Right or left, the existential question of which wrist to wear a watch always comes up. As often, there is no one right answer, it’s up to you to choose and we guide you to help you do the right one.
In this article, you shall learn about
- On which wrist is a watch worn?
- Why is the watch worn on the left?
- Practical reasons
- aesthetic reasons
On which wrist is a watch worn?
A watch is traditionally worn on the left wrist. The reason is simple, more than 90% of the population being right-handed, it is easier and more practical to attach their watch to the wrist opposite to their dominant hand. Other practical and aesthetic criteria also explain this choice.
However, this rule is not absolute and you can very well wear your watch on your right wrist if you are left-handed or simply if you are more comfortable that way. No matter which wrist you choose, make sure you choose the right size watch.
Why is the watch worn on the left?
As mentioned above, the watch is worn on the left wrist for a practical reason. Since right-handed people represent more than 90% of the population, it is much easier for them to attach their watch to the opposite wrist.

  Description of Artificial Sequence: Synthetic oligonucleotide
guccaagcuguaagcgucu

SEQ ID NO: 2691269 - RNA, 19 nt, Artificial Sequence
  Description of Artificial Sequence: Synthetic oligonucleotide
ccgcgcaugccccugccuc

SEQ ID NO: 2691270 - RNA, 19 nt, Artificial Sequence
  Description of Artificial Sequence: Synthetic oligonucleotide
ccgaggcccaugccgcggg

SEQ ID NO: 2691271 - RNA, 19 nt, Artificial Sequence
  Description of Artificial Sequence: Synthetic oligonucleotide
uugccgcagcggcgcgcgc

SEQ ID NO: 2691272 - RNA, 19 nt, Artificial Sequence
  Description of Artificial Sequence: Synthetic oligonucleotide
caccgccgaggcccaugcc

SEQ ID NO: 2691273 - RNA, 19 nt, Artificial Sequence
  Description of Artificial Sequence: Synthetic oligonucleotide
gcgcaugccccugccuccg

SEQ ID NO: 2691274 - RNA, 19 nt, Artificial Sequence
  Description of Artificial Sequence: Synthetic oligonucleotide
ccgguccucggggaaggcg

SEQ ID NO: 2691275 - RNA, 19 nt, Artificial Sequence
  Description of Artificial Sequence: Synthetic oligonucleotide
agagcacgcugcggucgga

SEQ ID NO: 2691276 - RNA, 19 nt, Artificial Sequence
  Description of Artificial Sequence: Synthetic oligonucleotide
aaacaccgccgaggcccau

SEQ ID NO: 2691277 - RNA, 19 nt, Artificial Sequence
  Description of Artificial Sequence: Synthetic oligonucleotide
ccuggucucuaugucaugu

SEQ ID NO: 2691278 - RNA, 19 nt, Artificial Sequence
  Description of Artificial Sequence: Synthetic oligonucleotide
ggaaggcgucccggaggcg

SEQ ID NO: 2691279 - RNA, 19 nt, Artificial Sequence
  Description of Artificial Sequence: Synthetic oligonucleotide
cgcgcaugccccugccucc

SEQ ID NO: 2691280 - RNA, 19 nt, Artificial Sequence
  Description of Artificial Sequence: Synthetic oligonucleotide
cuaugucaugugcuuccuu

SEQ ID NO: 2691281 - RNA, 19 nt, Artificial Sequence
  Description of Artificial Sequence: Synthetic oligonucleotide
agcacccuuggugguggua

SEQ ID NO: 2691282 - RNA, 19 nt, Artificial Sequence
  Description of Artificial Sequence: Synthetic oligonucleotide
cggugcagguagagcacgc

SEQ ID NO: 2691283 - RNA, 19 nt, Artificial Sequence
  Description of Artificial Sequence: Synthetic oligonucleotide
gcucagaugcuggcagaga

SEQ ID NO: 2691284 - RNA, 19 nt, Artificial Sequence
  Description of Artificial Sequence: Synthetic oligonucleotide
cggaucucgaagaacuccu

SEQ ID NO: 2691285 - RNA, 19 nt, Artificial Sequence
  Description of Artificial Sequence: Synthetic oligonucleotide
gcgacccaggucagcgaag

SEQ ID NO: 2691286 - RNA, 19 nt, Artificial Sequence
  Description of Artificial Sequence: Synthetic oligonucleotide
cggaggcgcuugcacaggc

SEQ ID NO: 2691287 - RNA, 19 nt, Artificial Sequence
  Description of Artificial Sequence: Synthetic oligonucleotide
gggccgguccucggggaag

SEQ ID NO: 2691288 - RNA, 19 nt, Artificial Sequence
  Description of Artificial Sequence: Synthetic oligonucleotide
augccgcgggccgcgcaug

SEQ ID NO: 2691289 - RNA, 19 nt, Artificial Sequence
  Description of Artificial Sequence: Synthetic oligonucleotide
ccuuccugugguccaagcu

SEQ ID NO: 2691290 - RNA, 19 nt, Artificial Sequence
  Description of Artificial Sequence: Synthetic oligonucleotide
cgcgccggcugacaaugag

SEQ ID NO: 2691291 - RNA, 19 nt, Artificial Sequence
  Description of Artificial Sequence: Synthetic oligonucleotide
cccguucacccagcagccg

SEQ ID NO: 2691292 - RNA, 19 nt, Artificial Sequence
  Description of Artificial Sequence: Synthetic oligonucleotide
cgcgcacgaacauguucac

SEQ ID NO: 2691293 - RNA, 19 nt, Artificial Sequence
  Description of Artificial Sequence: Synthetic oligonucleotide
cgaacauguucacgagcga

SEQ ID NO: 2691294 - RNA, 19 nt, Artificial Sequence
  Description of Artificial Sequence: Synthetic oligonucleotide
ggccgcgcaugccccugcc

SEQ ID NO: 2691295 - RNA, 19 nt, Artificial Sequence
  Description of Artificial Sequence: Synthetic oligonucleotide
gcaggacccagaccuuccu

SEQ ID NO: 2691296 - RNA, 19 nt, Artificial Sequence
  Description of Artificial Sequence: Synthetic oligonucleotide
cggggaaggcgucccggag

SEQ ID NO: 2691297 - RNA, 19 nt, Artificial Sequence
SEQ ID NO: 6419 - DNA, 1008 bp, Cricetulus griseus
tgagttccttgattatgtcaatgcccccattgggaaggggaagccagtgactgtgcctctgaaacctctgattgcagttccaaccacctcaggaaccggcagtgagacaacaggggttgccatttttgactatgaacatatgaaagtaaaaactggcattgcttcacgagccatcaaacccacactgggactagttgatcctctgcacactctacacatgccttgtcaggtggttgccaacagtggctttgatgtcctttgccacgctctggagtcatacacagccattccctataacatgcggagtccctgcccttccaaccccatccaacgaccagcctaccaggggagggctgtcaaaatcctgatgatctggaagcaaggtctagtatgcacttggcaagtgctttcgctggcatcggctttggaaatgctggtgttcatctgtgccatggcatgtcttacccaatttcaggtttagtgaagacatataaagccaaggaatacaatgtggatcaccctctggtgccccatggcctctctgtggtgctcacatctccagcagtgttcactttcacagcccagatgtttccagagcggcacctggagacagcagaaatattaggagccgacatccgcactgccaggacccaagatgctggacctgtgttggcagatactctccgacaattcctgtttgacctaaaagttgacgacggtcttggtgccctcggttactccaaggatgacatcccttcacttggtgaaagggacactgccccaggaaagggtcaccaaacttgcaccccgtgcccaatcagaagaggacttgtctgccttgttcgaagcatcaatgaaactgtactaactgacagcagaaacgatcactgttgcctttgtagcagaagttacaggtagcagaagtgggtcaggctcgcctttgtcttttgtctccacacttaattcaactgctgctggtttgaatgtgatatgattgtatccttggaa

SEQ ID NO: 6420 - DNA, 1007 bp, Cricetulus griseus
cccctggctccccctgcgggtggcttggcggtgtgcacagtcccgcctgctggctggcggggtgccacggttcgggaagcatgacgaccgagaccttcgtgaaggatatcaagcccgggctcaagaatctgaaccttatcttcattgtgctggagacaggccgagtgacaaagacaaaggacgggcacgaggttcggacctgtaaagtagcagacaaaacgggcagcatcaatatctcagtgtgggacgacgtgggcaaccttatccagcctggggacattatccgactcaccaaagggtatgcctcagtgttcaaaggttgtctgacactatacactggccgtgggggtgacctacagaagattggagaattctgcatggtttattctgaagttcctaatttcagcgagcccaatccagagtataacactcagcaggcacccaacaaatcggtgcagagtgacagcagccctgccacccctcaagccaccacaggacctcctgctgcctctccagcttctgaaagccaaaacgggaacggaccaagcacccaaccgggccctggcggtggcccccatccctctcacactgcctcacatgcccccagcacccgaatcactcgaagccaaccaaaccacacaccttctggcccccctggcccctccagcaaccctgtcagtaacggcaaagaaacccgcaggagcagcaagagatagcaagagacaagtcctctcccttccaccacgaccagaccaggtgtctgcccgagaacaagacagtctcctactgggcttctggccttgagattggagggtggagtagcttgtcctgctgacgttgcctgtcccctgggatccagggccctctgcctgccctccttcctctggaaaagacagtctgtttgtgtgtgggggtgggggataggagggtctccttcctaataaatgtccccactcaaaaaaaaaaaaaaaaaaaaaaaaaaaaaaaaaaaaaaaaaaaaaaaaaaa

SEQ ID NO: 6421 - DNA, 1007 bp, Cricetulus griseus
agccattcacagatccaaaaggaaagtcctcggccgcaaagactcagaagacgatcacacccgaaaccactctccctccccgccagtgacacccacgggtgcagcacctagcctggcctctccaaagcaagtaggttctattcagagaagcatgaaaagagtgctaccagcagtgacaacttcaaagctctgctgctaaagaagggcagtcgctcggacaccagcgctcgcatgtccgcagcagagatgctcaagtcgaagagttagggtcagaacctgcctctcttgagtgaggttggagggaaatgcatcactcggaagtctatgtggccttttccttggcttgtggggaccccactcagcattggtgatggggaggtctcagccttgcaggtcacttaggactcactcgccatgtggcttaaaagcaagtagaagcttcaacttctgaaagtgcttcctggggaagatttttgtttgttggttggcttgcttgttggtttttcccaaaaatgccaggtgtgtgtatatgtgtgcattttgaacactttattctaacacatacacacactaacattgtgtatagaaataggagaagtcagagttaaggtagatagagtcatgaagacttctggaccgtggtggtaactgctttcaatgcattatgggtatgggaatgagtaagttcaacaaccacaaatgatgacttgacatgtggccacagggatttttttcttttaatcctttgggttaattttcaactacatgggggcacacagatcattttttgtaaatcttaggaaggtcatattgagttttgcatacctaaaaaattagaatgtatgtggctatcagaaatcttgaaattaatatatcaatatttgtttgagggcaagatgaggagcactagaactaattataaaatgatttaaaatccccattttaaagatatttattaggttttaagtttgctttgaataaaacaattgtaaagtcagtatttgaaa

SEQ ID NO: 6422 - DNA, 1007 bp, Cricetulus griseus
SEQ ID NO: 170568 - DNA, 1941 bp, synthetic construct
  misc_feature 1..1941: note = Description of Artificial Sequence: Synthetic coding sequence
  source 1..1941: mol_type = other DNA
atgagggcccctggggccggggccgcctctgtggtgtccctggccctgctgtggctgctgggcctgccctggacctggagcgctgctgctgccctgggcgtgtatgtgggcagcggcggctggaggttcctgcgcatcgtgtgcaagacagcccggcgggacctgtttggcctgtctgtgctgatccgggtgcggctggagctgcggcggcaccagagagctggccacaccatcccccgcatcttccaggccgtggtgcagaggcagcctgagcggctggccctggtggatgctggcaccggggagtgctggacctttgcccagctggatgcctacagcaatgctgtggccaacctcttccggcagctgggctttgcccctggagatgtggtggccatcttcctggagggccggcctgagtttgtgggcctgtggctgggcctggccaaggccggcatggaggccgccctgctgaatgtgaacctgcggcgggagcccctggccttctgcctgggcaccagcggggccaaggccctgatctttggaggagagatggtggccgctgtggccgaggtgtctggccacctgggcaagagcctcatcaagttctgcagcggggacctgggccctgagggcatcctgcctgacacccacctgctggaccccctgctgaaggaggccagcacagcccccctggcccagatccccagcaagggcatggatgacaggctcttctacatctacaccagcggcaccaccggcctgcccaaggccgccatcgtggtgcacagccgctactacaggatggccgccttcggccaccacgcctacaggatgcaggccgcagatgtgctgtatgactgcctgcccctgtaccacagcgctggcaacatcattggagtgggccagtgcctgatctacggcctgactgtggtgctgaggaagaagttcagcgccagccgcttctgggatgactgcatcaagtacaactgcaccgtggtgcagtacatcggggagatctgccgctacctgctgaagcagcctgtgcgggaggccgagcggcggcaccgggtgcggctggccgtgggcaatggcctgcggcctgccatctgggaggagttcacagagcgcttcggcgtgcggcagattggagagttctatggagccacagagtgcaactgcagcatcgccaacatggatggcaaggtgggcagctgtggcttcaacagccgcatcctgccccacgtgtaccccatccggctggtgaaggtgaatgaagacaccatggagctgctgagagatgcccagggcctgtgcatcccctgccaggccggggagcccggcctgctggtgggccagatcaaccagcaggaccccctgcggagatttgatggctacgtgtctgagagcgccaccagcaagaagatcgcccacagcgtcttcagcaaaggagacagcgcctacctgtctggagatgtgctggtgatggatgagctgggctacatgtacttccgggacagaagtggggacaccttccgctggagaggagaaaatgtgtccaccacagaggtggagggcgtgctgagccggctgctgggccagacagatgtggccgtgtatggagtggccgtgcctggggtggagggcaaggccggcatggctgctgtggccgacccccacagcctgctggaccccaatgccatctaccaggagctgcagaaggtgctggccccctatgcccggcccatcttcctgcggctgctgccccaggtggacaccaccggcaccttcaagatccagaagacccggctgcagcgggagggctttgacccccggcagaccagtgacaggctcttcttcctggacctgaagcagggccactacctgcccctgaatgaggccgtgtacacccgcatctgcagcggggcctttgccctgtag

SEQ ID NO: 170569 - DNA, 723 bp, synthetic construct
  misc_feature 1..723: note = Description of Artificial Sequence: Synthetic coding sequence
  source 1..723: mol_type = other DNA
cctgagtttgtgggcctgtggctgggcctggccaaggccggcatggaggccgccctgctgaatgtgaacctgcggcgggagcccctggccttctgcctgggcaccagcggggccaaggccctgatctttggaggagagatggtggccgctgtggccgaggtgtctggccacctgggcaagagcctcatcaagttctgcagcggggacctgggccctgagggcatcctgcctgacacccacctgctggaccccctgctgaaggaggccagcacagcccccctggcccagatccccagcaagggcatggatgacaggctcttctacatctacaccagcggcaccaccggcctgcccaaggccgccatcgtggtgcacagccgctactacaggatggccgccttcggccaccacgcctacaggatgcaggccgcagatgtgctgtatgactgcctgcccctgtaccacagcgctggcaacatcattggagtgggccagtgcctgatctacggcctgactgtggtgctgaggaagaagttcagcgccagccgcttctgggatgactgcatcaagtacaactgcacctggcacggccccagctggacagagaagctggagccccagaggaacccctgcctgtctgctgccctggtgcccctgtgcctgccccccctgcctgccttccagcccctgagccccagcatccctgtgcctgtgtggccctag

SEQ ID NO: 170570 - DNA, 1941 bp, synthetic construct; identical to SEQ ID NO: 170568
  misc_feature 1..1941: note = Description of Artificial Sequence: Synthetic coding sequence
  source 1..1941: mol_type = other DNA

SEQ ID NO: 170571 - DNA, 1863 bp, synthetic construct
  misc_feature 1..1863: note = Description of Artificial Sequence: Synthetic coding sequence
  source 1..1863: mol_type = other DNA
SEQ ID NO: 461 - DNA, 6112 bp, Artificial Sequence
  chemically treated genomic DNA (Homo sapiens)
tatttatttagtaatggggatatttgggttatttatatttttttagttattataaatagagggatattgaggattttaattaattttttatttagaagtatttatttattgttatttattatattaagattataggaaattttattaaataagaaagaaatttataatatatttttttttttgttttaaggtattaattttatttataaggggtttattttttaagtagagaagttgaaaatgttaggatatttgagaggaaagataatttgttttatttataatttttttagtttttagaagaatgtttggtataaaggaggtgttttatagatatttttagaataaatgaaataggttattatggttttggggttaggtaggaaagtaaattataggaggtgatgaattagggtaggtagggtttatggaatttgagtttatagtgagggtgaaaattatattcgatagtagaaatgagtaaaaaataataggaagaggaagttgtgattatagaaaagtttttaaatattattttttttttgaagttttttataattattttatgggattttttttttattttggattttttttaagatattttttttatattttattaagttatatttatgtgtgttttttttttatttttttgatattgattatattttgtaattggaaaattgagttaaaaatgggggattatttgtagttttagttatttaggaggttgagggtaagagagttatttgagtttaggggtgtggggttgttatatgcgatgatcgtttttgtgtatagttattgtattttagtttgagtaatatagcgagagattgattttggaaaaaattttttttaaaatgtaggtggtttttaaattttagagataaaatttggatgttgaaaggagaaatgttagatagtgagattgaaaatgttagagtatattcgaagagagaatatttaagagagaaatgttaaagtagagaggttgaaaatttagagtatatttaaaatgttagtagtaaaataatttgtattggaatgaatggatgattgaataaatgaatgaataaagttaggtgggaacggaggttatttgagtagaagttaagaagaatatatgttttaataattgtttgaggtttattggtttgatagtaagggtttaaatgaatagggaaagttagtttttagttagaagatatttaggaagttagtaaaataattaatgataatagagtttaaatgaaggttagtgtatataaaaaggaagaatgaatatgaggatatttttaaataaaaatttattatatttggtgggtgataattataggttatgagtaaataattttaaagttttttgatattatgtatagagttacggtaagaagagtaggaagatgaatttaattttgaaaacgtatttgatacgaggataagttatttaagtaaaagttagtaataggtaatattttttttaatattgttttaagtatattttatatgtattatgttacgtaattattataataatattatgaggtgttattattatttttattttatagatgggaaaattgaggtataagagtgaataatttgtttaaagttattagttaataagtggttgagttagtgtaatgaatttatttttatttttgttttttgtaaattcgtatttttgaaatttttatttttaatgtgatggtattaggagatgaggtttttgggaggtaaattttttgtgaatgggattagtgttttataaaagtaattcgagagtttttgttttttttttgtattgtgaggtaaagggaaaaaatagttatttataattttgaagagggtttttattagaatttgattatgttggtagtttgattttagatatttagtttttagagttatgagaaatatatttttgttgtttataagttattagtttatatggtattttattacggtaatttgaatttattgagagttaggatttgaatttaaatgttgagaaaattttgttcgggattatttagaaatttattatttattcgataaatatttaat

However, this reason is not unique and the choice of the wrist on which to wear a watch responds to other practical and aesthetic criteria.
In addition to being able to attach your watch easily, the choice of the wrist on which to wear a watch must meet practical criteria and must adapt to your lifestyle.
In order not to hinder your daily movements, it is interesting that the watch is not worn on the side of the hand which writes especially that certain models, very imposing, could represent a real gene.
In addition, the dominant hand is generally more subject to friction and other shocks that can damage your watch and its bracelet. Choosing the right wrist, if you are left-handed, and the left wrist, if you are right-handed, is also a way to take care of your watch.
Always for practical questions, and here we will focus on connected watches with a touch screen, it is much easier (for 90% of right-handed people) to use a connected watch if you can interact with it with your dominant hand.
Then, the majority of watches, like the chronograph watch, have a winder on the right of the dial, so winding is easier if you wear your watch on your left wrist.
The choice of the wrist must also be considered from an aesthetic point of view. We often talk about the harmony and balance of your silhouette, and this criterion also applies to accessories.
If you wear bracelets in addition to your watch, it is more interesting to distribute them on your two wrists to avoid a bad accumulation effect.
Your watch will be much more valuable if it is worn alone than if it gets lost between a multitude of bracelets. Once again, the rule is not rigid and you can very well wear your watch on the same wrist as a bracelet if it is sober and light.
Ditto if you wear rings, especially if they are imposing.